Letter: Benefits of Smaller Class Sizes

Letter: Benefits of Smaller Class Sizes

Letter to the Editor

To the Editor:

We have a great school system in Fairfax County. Our test scores are high, our students are engaged in challenging educational curriculums, and our schools have received national recognition as being some of the best in the nation. As a matter of fact, many families choose to move to Fairfax County over other counties in the Washington Metropolitan Area because of our high-quality schools. However, without paying close attention to one of the most basic and important, aspects of the educational experience, class size, our school district will falter. Small class sizes are important for a variety of reasons, including the development of a stronger student-teacher rapport and improved morale as well as the increase of student achievement and success, especially among historically underachieving groups.

Student-teacher relationships are greatly improved when there are fewer students in the classroom. Reducing class sizes results in more one-on-one instructional time for each student. Knowing this, students are more able to interact with their teachers, turning impractical, non-interactive lectures into dynamic, effective, engaging learning experiences. For this reason, students will have less difficulty asking their teachers for help, and with less administrative work, including paperwork, grading, behavior management, etc., teachers will be able to focus on what they truly love; teaching. Having been in four school districts and six schools throughout my educational career, I have discovered that when my classes have been small, I have had better, more open relationships with my instructors and have therefore been more able to learn from them.

Overall, morale is improved when class sizes are decreased, especially among teachers. According to the Pennsylvania State Education Association, reduced class sizes lead to higher morale, which translates into higher attendance rates and lower attrition rates. This leads to lower expenditures for substitute teachers, as well as higher teacher retention. According to the proposed budget for FCPS in FY2013, $19,510,889 is allotted for substitutes. According to the same document, FCPS is proposing to allot $3,154,944 for teacher training for the next fiscal year. Although these costs cannot and should not be eliminated in completely, increased morale through class size cuts will allow decreases in these budgets. In addition, happier teachers create better educational environments. According to Gallup research published in the New York Times, "lower job satisfaction foreshadowed poorer bottom-line performance." Can we afford "poorer bottom-line performance" when it comes to our children?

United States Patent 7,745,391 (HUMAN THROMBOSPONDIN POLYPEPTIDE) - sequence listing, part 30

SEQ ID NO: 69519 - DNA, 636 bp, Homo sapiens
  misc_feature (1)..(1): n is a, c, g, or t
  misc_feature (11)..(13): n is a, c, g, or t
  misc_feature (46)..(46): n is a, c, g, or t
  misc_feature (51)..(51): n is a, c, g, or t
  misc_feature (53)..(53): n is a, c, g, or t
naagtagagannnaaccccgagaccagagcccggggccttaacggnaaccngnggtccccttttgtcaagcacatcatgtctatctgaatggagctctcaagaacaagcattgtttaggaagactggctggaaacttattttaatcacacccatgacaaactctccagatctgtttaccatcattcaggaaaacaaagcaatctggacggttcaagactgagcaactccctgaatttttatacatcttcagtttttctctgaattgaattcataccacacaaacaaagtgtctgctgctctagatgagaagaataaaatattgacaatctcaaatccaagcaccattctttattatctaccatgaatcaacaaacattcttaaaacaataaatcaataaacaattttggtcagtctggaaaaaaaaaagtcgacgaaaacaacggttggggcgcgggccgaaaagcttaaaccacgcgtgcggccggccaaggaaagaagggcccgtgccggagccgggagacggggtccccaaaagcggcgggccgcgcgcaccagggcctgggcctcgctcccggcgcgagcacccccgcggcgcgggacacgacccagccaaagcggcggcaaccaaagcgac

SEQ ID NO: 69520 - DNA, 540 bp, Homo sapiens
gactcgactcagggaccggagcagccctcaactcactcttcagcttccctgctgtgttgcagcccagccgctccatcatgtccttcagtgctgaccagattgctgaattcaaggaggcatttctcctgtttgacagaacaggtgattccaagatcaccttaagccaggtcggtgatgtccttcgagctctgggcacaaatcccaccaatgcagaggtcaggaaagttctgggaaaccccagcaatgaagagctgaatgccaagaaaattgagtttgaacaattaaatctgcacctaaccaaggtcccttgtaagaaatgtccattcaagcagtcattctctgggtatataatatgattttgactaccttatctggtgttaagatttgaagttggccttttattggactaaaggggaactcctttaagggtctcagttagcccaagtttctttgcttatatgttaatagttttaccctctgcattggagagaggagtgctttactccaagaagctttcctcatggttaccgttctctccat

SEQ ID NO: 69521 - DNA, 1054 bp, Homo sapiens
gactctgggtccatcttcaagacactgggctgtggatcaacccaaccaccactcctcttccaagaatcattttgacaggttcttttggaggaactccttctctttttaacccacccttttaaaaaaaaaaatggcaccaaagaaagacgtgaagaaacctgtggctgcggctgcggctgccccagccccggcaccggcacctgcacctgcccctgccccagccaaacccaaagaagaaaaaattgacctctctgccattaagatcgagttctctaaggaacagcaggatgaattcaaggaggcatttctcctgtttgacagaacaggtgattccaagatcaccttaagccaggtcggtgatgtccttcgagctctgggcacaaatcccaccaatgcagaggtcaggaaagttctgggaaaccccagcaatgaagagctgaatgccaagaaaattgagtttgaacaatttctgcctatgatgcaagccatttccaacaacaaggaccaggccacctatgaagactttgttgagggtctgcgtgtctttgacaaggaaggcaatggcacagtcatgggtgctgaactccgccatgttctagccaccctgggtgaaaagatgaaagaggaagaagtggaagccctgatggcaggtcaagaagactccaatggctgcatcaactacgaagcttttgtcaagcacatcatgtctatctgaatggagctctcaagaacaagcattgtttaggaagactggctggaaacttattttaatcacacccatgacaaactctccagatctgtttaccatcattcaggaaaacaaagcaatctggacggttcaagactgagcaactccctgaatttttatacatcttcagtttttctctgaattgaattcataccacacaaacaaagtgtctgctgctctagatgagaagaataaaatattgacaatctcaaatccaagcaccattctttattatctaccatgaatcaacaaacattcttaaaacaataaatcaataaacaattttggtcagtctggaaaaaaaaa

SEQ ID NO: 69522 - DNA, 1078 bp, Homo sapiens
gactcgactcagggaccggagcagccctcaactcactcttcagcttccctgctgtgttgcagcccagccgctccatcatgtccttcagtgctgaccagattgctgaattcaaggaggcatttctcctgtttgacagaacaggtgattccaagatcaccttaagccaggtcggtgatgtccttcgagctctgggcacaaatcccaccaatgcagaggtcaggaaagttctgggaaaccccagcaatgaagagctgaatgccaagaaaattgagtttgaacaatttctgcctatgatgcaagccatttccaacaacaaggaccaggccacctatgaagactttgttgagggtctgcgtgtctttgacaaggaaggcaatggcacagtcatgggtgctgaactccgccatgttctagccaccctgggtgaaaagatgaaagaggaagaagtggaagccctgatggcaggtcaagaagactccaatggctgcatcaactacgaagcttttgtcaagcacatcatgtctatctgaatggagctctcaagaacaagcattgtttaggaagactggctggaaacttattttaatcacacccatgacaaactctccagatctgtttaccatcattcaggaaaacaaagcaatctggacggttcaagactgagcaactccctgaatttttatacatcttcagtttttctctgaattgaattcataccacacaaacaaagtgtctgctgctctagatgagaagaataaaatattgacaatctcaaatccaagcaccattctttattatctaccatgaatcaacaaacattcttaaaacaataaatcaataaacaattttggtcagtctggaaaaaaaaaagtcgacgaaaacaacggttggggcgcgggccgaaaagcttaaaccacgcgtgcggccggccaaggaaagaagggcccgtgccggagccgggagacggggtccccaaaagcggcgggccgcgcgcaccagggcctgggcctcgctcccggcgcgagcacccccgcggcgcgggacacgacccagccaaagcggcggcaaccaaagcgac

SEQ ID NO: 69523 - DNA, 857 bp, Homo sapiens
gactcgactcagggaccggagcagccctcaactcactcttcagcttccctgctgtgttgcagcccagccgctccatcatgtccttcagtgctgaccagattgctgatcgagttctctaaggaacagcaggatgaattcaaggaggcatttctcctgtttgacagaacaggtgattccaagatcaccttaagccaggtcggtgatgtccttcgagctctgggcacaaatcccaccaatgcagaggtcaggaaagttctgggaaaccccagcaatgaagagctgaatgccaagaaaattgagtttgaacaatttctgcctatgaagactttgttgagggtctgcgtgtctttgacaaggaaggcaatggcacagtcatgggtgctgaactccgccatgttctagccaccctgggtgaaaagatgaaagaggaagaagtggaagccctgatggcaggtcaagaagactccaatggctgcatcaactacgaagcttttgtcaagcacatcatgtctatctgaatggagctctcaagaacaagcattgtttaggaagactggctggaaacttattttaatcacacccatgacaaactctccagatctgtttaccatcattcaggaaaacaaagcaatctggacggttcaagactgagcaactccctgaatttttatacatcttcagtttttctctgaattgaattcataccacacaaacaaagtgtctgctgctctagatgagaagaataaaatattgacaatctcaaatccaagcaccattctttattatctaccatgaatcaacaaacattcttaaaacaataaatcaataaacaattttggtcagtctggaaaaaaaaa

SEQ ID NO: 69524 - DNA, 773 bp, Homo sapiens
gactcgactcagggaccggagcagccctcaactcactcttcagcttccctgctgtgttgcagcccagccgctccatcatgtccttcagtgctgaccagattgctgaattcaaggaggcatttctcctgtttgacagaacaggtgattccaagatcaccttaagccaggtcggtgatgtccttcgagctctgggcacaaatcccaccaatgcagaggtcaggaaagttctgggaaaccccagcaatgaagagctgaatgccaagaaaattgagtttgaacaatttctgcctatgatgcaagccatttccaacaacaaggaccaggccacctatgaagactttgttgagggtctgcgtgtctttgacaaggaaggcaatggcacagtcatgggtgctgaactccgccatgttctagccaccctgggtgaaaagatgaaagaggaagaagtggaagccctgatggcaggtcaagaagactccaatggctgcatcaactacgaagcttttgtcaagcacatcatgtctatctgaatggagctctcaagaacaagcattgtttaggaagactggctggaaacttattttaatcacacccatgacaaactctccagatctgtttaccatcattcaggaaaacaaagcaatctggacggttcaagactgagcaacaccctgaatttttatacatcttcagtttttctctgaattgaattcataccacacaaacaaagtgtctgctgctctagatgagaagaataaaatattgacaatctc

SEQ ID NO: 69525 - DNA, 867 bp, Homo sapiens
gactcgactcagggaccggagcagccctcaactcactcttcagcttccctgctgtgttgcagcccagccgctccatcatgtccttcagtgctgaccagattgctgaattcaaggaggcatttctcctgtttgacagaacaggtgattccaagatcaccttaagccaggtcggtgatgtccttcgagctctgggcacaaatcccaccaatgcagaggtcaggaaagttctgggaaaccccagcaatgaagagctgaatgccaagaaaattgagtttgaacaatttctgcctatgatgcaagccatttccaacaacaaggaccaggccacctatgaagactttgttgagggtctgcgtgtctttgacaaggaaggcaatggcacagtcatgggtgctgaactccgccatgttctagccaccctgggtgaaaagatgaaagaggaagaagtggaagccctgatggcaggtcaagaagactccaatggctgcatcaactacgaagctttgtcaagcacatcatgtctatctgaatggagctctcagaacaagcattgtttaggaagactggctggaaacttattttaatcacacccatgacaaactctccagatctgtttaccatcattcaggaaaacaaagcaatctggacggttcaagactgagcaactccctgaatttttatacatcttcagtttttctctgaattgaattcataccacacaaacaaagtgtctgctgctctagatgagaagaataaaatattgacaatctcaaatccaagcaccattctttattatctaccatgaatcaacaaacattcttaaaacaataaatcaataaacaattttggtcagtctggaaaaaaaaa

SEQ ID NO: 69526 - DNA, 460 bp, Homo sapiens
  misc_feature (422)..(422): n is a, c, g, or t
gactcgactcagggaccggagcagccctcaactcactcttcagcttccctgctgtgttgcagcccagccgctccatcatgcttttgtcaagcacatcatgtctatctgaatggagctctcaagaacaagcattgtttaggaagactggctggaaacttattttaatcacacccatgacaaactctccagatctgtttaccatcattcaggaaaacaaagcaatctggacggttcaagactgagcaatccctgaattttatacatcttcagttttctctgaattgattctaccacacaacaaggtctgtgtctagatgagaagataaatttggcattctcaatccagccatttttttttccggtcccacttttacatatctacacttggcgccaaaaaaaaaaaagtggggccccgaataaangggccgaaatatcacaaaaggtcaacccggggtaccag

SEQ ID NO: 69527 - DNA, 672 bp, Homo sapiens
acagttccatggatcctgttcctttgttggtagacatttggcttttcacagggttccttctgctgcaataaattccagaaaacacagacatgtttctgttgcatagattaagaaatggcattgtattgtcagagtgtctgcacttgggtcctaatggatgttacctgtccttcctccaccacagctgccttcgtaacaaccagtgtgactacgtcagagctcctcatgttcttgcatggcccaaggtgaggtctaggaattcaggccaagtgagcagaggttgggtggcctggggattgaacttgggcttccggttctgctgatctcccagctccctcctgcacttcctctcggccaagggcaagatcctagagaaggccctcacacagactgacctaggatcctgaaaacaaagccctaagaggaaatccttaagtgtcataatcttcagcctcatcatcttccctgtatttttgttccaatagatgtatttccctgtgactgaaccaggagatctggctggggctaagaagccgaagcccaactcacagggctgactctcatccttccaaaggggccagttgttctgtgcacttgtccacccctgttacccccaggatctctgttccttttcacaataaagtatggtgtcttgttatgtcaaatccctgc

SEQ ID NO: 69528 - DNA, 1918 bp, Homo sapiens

Student achievement especially benefits from small class sizes. According to the Center for Public Education, Wisconsin's Student Achievement Guarantee in Education program saw that "students in grades 1-3 in SAGE classrooms scored significantly higher...than students in traditional classrooms." In addition, students in the smaller classes had lower average pretest scores, but showed significantly higher scores on the post-test. Tennessee's Student/Teacher Achievement Ratio found that gains in student achievement from classes of 13 to 17 students were typically twice as large for poor and African-American students, historically underachieving demographics. In addition, the gains for all students persisted for years after said students were placed back in regular-sized classrooms. Florida has also seen great improvements in student achievement because of constitutionally-required class size limits that limit classes for grades K through 3 of 18, 3 through 8 of 22, and 9 through 12 of 25. Florida increased its NAEP score by seven points in fourth grade reading between 2003 and 2011, while Virginia increased it by only three points in the same period.

Smaller class sizes are beneficial for all of us in the Fairfax County public schools. When considering the budget for this coming fiscal year, please keep this in mind. Quality of education is dependent on the ability to learn from a teacher; if a student is unable to get the help he needs from a teacher, he will falter and be unable to reach his academic potential. Fairfax County schools are great, but couldn't we make them better? Smaller class sizes will help us improve while maintaining Fairfax's educational superiority.

Nicholas Western

Sophomore, Robinson Secondary School